In these projects, you’ll be working to implement authentication systems so users can only access areas of a site they are authorized to.
In this project, you’ll be building an exclusive clubhouse where your members can write anonymous posts. Inside the clubhouse, members can see who the author of a post is but, outside, they can only see the story and wonder who wrote it.
If you want to add your own stylistic flourishes, consider it extra credit.
The projects will be less and less explicit about how to achieve their goals, since we expect you to build on your previous knowledge. If you don’t know how to do something, feel free to check back in previous lessons or projects or Google the correct way to implement it (though be careful, because that may take you deeper down the road than we intended).
If you’d like to challenge yourself, don’t even follow the steps below, just go ahead and build the app!
- Think about and spec out how to set up your data models for this application. You’ll need users with the usual simple identification attributes like name, email and password. They’ll need to create posts as well.
- Create your new
members-onlyRails app and GitHub repo. Update your README.
- Add devise to your Gemfile and install it in your app using set up instructions on the devise README
note: At the time of writing, Devise and Turbo Drive don’t play nicely together. When using devise with Turbo Drive you have two options. Either you can generate the devise views to your local app (covered in the devise README) and then for each view with a form disable turbo drive by adding the data attribute. This is time consuming but simple to follow. The other way is to create a custom controller to handle this and then use devise for that. This GoRails episode covers how you’d do that. You might not understand everything being done but it’s a quicker solution. Hopefully Devise will be Rails 7 Turbo compatible by the time you read this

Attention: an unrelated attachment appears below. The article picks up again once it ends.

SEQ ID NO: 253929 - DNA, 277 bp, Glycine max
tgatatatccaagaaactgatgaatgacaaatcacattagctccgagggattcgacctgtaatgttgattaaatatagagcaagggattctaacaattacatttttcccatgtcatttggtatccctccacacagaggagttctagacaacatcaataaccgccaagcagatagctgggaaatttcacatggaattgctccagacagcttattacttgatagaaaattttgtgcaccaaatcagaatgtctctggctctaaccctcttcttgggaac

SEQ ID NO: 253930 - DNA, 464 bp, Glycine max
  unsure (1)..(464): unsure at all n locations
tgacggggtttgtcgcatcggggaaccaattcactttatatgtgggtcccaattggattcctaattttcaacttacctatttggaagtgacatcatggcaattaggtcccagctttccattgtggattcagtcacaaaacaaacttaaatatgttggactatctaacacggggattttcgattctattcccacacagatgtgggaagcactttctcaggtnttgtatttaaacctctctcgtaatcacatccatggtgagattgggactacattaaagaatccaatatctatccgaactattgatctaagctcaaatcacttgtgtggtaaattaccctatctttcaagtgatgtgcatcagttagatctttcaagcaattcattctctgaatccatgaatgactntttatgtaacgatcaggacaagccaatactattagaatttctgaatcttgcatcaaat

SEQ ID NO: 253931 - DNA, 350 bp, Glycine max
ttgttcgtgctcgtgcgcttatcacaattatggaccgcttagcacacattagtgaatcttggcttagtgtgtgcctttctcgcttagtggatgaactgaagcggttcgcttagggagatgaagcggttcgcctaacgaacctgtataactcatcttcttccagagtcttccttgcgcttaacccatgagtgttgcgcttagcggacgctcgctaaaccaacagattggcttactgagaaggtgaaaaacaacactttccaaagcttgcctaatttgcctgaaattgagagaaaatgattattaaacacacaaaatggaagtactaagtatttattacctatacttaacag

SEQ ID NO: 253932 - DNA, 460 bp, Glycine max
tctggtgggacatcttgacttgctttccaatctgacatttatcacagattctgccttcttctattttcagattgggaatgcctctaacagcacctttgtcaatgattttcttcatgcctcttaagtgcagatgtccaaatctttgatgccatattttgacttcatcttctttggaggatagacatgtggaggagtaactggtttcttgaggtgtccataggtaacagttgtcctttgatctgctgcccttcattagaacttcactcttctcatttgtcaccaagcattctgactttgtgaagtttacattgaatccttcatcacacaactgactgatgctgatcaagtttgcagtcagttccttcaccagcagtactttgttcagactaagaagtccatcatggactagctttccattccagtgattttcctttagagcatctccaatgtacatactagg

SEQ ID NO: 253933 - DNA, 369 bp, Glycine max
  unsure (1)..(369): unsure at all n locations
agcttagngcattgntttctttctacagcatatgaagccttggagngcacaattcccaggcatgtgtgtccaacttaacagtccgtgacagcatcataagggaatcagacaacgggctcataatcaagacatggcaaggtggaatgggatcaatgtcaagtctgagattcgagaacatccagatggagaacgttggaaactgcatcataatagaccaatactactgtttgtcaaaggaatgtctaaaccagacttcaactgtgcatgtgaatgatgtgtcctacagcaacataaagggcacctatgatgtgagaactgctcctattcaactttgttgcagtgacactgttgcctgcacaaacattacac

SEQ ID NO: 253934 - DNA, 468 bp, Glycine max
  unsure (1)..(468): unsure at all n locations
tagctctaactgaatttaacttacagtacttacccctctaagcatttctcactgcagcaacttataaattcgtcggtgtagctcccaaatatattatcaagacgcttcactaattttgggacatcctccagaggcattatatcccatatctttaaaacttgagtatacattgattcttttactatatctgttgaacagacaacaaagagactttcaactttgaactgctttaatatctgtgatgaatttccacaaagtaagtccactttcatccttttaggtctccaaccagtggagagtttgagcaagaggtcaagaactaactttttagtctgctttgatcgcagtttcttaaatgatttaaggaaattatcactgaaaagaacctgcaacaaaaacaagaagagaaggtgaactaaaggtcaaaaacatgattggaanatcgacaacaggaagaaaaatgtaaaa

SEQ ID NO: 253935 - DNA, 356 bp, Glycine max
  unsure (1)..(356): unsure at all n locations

Authentication and Posts
Let’s build those secrets! We’ll need to make sure only signed in users can see the author of each post. We’re not going to worry about editing or deleting posts.
- Create a Post model and a Posts controller and a corresponding resource in your Routes file which allows the
[:new, :create, :index]methods.
- Atop your Posts Controller, use a
#before_actionto restrict access to the
#createmethods to only users who are signed in.
- For your Posts Controller, prepare your
- Write a very simple form in the
app/views/posts/new.html.erbview which will create a new Post.
- Make your corresponding
#createaction build a post where the foreign key for the author (e.g.
user_id) is automatically populated based on whichever user is signed in. Redirect to the Index view if successful.
- Fill out the
#indexaction of the PostsController and create the corresponding view. The view should show a list of every post.
- Now add logic in your Index view to display the author’s name, but only if a user is signed in.
- Sign in and create a few secret posts.
- Test it out – sign out and go to the index page. You should see a list of the posts but no author names. Sign in and the author names should appear. Your secrets are safe!
This section contains helpful links to other content. It isn’t required, so consider it supplemental.
- Railscasts #250 Authentication from Scratch
- Railscasts #274 Remember Me & Reset Password
- Watch A Twitter Clone Lets Build with Ruby on Rails Part 1 and A Twitter Clone Lets Build with Ruby on Rails Part 2. If you still need more inspiration for this project or want more insight then the rest of this tutorial series is a good resource.